Thoughtbasket readers, if you live in San Francisco, or in other parts of California, and haven’t had time to read up on all the initiatives and propositions on next month’s ballot, a friend of mine took the time to prepare a voter guide. I can’t vouch for his recommendations — I don’t agree with all of them — but his summaries are concise and amusing, which is a pretty good combo. Make up your own minds, of course, but this might be a useful tool.
Check out the quick voter guide at www.quickvoterguide.org
The NY Times published an article yesterday about how congressmen are still taking fancy trips paid for by corporations, despite ethics rules passed in 2007 to prevent such trips. These congressmen aren’t breaking the rules, but rather exploiting loopholes to get around the rules. James Sensenbrenner, for example, the jowly representative from Wisconsin’s 5th District, took a $15,000 trip to the Alps this year, with his wife, paid for by a “non-profit” funded by Deutsche Bank, Lufthansa and other European corporations.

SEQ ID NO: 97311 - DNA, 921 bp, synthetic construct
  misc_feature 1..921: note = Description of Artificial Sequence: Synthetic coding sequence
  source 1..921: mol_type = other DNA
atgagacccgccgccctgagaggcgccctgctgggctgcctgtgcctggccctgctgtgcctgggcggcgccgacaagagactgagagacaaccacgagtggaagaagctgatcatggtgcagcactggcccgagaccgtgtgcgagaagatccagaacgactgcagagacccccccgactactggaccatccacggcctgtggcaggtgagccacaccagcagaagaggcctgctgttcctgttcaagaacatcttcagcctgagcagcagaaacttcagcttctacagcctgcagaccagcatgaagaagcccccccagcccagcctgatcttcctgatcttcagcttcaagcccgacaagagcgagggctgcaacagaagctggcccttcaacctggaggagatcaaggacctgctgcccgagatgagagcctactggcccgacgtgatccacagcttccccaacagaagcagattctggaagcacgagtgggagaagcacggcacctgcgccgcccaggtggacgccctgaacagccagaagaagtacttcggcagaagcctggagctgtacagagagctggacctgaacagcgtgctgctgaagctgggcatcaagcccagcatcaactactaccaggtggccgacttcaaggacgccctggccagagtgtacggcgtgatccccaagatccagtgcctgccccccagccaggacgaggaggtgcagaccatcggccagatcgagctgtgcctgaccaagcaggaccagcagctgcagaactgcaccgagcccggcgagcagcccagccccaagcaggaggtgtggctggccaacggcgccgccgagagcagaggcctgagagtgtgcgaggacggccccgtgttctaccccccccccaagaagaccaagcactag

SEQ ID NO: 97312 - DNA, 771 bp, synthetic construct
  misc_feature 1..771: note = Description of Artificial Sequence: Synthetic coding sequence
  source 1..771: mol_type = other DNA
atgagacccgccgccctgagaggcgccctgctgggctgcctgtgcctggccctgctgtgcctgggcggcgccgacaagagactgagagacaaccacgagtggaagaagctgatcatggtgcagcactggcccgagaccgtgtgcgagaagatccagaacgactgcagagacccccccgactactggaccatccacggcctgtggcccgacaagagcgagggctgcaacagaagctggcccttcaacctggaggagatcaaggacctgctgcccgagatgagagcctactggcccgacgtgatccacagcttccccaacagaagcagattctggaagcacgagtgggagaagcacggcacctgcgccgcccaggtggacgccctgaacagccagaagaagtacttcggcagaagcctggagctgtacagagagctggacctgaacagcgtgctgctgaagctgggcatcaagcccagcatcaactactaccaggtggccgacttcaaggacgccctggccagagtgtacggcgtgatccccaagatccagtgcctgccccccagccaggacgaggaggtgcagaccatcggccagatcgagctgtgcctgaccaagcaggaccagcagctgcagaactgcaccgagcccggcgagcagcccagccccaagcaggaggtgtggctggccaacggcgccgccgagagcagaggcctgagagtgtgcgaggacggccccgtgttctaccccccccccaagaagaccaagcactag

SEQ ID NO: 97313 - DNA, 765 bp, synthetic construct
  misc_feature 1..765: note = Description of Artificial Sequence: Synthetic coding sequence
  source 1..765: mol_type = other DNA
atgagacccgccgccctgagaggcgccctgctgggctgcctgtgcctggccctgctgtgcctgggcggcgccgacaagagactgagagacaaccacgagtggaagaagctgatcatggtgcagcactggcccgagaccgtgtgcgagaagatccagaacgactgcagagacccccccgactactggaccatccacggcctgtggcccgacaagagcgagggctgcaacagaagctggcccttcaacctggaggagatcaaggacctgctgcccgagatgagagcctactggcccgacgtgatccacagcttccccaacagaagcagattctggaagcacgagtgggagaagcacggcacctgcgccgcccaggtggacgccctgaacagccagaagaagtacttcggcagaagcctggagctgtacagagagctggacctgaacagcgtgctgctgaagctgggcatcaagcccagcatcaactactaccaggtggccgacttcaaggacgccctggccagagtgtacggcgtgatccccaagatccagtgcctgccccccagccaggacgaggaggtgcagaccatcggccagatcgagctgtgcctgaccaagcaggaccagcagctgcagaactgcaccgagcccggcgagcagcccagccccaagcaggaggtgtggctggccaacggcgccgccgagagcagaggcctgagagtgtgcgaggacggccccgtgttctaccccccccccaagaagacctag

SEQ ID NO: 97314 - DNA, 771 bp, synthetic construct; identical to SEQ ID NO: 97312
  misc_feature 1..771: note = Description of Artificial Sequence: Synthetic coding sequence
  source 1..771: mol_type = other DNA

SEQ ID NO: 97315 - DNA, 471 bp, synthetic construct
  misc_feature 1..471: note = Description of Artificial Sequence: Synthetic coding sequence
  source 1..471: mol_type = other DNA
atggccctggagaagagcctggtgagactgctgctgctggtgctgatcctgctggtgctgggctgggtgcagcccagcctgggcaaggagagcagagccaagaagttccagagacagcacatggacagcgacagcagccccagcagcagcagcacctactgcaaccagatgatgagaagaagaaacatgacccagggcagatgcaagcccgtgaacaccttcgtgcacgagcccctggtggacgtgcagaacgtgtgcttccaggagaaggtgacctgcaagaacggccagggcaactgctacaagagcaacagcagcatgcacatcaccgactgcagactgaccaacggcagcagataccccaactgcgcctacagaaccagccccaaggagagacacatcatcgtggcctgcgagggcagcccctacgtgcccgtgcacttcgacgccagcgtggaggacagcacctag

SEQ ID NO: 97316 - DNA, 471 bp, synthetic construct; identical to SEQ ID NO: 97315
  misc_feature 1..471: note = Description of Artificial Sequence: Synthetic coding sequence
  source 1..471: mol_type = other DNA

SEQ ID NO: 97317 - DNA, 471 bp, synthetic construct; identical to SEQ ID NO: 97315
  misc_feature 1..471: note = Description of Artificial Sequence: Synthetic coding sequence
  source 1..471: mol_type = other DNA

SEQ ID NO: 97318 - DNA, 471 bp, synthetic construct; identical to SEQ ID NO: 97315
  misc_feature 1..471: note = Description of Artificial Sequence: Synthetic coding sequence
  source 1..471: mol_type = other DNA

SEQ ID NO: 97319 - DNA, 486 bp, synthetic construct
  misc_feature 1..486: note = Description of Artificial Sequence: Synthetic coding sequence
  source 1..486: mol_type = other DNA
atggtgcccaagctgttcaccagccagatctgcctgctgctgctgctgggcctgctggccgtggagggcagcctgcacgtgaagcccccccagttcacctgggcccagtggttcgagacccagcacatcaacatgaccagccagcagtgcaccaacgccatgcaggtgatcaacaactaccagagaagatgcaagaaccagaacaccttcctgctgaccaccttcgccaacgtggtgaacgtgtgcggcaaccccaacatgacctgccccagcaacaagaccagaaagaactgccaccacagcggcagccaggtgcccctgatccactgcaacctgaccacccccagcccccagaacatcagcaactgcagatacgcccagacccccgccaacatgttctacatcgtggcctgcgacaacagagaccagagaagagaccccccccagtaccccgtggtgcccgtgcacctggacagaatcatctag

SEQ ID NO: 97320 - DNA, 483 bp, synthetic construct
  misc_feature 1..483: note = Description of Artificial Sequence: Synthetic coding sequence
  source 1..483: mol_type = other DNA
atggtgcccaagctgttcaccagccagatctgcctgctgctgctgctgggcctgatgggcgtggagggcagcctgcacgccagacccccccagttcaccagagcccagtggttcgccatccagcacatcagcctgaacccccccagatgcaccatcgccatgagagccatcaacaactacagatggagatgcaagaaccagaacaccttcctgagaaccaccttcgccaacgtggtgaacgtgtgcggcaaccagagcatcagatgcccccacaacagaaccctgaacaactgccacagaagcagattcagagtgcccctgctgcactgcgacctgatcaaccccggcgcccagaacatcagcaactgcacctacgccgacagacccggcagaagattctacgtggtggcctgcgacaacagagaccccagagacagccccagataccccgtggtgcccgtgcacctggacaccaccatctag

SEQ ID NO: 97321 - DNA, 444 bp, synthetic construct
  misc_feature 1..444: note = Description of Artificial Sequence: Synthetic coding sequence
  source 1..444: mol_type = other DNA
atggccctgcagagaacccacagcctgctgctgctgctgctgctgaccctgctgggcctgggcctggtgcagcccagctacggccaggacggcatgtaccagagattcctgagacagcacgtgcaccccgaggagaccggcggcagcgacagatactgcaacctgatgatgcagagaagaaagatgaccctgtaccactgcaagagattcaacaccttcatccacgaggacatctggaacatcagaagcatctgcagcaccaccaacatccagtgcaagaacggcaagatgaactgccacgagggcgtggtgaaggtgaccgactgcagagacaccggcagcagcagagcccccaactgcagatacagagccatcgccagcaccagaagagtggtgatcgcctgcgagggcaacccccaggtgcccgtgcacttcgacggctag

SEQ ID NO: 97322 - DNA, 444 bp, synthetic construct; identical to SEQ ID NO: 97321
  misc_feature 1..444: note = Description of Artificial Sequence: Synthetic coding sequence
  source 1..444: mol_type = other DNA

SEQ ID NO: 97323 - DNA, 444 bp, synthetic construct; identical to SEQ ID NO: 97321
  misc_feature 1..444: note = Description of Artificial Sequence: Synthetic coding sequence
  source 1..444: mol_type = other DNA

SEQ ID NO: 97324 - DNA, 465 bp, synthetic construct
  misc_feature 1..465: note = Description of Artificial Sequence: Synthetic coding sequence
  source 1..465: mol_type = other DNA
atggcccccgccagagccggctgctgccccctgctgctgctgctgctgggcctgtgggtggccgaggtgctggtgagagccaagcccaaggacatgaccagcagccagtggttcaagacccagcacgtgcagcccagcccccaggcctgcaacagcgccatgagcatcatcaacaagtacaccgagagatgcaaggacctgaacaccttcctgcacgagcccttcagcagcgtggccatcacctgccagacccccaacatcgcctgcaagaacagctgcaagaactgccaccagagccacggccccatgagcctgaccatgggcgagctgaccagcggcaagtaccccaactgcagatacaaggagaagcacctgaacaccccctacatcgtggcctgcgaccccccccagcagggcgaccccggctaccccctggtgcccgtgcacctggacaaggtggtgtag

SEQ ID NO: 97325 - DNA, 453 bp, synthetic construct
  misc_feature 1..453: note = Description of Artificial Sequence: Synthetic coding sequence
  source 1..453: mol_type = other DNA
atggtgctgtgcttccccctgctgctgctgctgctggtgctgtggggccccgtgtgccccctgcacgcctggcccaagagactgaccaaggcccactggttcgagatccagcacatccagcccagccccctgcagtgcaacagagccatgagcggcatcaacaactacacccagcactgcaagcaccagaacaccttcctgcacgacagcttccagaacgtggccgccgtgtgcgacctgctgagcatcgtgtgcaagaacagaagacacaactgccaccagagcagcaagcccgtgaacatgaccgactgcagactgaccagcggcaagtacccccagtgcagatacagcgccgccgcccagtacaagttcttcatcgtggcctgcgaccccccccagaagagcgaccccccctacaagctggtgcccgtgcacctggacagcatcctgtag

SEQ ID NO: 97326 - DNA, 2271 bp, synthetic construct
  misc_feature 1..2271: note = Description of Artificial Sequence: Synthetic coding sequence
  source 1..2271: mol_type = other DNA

I would like to think that Congress might tighten up the rules to close the loopholes, but expecting Congress to police itself is like expecting Thierry Henry to report his own soccer violations. So we, the voters, have to do the police work. Regular readers of Thoughtbasket know that I regularly exhort citizens to stay informed and vote accordingly. So members of Wisconsin’s 5th District, living in the lovely Northwestern suburbs of Milwaukee, likely Brewers fans and bratwurst lovers, if you would prefer your congressman to pay attention to your needs, instead of to the needs of large German companies, then vote out James Sensenbrenner. Find a Republican who cares more about grain elevators than about Teutonic castles, who would rather tour a dairy farm than a prince’s castle. If your congressman does not truly represent you, find one who will.